After nearly a year and half without a leader, the Senate on Friday unanimously confirmed the appointment of FBI Deputy Director John Pistole to head the Transportation Security Administration.
President Barack Obama nominated Pistole to lead the agency last month after his two previous picks, Retired Army Maj. Gen. Robert Harding and Los Angeles International Airport Chief of Homeland Security Erroll Southers, both withdrew their names from consideration.
Billie Vincent, an aviation consultant and former director of the FAA Office of Civil Aviation Security, said that Pistole should finally bring the agency some stable leadership.
"His confirmation will hopefully give the agency much needed legitimacy from a leadership standpoint," he said. "(Acting TSA Administrator Gale Rossides) has been holding the job under some rather difficult circumstances and there have been some serious gaffes over the last few months that have affected the reputation of the agency."
Aviation Security Consulting President and Founder Lori Beckman, who formerly served as director of security at Denver International Airport, said that the TSA will finally be able to move forward with programs that had been stalled at the agency due to the lack of an administrator.
Colleen M. Kelley, president of the National Treasury Employees Union, also praised Pistole’s confirmation in a statement.
"I applaud Senate action in finally filling this void that has lasted too long in the leadership ranks of TSA," she said. According to the statement, Kelley has already requested a meeting with the new TSA director.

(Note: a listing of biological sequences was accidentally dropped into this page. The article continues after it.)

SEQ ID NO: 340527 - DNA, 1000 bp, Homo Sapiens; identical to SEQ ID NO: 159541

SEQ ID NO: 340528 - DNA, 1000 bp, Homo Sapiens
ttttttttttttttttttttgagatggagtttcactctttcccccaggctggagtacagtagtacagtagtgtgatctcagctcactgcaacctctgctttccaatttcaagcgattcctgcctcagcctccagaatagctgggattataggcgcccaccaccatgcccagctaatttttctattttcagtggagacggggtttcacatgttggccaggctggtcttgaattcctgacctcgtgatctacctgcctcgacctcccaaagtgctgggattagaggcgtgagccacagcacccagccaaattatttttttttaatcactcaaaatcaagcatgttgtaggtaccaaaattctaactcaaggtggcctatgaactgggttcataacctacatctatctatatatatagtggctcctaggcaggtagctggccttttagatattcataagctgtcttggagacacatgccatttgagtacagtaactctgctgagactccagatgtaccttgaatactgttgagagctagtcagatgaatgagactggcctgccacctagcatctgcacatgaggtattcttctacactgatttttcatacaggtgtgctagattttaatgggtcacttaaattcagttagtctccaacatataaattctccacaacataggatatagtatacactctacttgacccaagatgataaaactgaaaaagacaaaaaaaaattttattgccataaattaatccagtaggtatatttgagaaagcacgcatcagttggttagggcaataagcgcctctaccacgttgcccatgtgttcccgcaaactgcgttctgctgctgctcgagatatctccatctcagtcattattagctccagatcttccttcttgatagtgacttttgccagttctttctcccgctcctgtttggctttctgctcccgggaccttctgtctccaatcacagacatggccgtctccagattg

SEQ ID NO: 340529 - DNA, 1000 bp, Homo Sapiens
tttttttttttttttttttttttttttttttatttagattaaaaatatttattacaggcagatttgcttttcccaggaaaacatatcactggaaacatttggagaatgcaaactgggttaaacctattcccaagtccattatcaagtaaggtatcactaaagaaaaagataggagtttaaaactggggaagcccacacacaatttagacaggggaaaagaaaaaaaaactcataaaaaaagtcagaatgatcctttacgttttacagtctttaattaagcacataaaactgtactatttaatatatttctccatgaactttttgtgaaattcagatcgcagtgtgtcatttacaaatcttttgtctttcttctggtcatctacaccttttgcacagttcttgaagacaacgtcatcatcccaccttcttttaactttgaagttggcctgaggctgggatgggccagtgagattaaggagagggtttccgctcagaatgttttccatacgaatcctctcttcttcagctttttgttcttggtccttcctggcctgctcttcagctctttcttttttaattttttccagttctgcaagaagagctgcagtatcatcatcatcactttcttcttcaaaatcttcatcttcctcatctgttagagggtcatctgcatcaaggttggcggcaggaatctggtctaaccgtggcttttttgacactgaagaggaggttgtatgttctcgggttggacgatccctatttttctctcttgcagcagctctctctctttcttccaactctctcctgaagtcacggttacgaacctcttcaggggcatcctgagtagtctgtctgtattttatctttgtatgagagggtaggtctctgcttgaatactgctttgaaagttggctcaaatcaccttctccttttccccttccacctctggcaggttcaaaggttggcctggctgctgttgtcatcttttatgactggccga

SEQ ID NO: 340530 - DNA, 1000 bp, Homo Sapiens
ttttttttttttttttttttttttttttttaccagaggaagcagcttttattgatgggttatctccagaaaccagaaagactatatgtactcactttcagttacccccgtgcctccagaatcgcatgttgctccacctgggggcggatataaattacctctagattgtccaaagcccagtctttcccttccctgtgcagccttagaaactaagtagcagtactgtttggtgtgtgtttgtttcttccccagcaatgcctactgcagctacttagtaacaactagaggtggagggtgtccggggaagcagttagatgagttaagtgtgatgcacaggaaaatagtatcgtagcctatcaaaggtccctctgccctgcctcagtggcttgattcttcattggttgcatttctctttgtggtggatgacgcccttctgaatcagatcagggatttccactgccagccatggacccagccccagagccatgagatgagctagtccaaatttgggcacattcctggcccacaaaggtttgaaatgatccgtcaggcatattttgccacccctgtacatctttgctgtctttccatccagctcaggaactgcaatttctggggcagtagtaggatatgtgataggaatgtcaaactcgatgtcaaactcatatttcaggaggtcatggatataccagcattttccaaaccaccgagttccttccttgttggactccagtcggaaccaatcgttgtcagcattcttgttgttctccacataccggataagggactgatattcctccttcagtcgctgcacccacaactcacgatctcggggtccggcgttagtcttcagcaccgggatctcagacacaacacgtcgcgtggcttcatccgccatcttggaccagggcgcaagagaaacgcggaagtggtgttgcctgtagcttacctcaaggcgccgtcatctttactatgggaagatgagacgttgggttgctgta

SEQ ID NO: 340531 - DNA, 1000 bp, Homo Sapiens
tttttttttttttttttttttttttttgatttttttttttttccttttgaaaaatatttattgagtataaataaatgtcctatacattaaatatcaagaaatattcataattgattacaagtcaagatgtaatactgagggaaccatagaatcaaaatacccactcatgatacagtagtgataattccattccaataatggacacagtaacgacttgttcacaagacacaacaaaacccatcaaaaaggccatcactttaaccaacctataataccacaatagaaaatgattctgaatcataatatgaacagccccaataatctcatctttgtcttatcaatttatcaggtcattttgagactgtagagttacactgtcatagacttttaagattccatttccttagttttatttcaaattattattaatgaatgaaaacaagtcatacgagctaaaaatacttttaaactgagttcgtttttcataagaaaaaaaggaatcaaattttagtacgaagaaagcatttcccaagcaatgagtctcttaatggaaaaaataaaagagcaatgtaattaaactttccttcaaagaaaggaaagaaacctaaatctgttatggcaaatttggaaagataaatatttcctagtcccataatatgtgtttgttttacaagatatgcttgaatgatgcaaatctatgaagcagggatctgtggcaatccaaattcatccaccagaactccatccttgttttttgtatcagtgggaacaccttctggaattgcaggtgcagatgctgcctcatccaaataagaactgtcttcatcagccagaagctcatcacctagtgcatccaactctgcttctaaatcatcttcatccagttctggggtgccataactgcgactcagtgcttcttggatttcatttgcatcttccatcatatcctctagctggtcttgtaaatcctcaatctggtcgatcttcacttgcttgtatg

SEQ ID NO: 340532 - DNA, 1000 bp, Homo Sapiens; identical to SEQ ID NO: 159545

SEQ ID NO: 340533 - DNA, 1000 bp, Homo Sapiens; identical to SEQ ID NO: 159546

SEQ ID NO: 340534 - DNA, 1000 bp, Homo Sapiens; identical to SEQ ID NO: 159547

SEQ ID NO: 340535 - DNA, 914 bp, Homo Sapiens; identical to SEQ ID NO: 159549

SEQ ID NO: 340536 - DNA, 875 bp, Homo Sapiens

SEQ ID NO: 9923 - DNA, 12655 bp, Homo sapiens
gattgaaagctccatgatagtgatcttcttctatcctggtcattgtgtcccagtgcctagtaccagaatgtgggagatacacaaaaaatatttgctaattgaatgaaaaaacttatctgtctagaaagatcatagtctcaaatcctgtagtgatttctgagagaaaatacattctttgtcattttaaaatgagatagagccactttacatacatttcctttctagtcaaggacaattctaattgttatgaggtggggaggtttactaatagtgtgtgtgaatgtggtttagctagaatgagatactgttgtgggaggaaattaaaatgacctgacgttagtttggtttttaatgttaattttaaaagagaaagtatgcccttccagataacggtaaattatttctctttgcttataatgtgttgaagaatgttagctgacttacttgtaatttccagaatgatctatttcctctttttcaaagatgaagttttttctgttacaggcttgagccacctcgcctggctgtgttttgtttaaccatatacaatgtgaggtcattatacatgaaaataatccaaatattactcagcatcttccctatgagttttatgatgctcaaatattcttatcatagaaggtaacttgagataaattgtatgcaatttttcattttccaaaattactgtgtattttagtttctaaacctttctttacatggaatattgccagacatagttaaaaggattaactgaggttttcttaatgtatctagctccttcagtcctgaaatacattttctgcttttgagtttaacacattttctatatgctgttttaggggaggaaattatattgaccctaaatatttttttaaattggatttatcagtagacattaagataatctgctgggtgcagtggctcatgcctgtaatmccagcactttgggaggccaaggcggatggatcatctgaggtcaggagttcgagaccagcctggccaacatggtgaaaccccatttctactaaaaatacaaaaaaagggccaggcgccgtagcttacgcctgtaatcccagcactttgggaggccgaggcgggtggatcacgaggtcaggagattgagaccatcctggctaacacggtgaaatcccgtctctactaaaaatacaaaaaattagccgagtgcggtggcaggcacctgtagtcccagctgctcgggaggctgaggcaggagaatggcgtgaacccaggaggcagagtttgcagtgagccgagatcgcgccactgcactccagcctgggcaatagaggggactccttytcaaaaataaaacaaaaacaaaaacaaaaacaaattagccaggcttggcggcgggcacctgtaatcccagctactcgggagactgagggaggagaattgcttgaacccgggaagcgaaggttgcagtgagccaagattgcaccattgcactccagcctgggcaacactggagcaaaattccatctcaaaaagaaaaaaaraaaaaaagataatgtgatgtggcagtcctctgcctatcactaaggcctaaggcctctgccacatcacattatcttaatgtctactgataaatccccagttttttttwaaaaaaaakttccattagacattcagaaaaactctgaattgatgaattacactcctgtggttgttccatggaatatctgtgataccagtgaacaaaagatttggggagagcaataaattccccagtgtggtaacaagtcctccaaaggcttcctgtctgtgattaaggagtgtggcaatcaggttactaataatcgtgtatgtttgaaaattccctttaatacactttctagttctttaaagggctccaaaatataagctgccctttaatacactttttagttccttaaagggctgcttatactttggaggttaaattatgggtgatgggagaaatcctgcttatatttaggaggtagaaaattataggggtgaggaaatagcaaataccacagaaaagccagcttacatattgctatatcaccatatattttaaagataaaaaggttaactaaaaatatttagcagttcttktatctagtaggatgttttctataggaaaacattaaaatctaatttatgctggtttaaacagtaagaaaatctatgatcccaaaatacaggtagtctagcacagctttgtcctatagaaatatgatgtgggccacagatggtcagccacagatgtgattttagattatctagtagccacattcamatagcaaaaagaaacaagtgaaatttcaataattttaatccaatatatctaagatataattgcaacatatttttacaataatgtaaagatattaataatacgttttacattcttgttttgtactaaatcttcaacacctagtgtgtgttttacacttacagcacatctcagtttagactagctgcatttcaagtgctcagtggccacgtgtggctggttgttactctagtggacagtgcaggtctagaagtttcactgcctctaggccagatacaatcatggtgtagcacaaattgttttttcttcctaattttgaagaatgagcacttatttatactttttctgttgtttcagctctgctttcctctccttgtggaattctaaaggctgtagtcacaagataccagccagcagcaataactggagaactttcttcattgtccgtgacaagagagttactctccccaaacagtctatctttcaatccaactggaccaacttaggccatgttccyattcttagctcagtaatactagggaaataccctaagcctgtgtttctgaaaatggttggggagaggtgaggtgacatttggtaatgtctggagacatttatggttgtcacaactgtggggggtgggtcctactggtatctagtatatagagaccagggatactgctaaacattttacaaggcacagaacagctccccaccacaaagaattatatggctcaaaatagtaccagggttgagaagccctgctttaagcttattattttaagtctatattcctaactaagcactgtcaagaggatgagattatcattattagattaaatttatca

During his confirmation hearings, Pistole was noncommittal on the potential unionization of TSA workers, an issue which had been a sticking point for several senators during the confirmation process for Southers.
Pistole, a graduate of Anderson University and the Indiana University School of Law, has served as deputy director of the FBI since 2004. He joined the Bureau in 1983 and has worked in several divisions within the FBI including the organized crime sector in Washington, D.C., as well as the white collar crime and civil rights squad in Indianapolis.
After Sept. 11, Pistole was appointed to the counterterrorism division as deputy assistant director for operations. In 1999, he helped lead the investigation into the crash of Egypt Air Flight 990 off the coast of Rhode Island. More recently, Pistole was involved in the search for Faisal Shahzad, the man who allegedly attempted to detonate a bomb in Times Square.